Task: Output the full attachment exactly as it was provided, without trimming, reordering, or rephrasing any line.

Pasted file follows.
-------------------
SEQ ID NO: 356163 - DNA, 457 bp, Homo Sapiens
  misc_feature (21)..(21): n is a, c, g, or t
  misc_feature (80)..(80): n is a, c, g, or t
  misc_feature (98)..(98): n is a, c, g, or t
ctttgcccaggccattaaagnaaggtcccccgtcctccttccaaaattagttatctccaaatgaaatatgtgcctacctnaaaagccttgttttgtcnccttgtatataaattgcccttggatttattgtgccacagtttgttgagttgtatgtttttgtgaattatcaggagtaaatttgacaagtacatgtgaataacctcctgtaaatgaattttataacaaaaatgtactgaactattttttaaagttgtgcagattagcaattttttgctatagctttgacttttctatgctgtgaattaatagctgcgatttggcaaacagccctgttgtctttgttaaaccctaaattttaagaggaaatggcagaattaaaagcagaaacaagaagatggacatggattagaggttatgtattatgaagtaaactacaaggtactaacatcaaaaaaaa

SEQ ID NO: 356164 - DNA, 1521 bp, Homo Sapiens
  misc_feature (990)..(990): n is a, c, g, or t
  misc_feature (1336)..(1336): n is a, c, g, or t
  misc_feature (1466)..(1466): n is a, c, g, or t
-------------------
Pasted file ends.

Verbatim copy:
SEQ ID NO: 356163 - DNA, 457 bp, Homo Sapiens
  misc_feature (21)..(21): n is a, c, g, or t
  misc_feature (80)..(80): n is a, c, g, or t
  misc_feature (98)..(98): n is a, c, g, or t
ctttgcccaggccattaaagnaaggtcccccgtcctccttccaaaattagttatctccaaatgaaatatgtgcctacctnaaaagccttgttttgtcnccttgtatataaattgcccttggatttattgtgccacagtttgttgagttgtatgtttttgtgaattatcaggagtaaatttgacaagtacatgtgaataacctcctgtaaatgaattttataacaaaaatgtactgaactattttttaaagttgtgcagattagcaattttttgctatagctttgacttttctatgctgtgaattaatagctgcgatttggcaaacagccctgttgtctttgttaaaccctaaattttaagaggaaatggcagaattaaaagcagaaacaagaagatggacatggattagaggttatgtattatgaagtaaactacaaggtactaacatcaaaaaaaa

SEQ ID NO: 356164 - DNA, 1521 bp, Homo Sapiens
  misc_feature (990)..(990): n is a, c, g, or t
  misc_feature (1336)..(1336): n is a, c, g, or t
  misc_feature (1466)..(1466): n is a, c, g, or t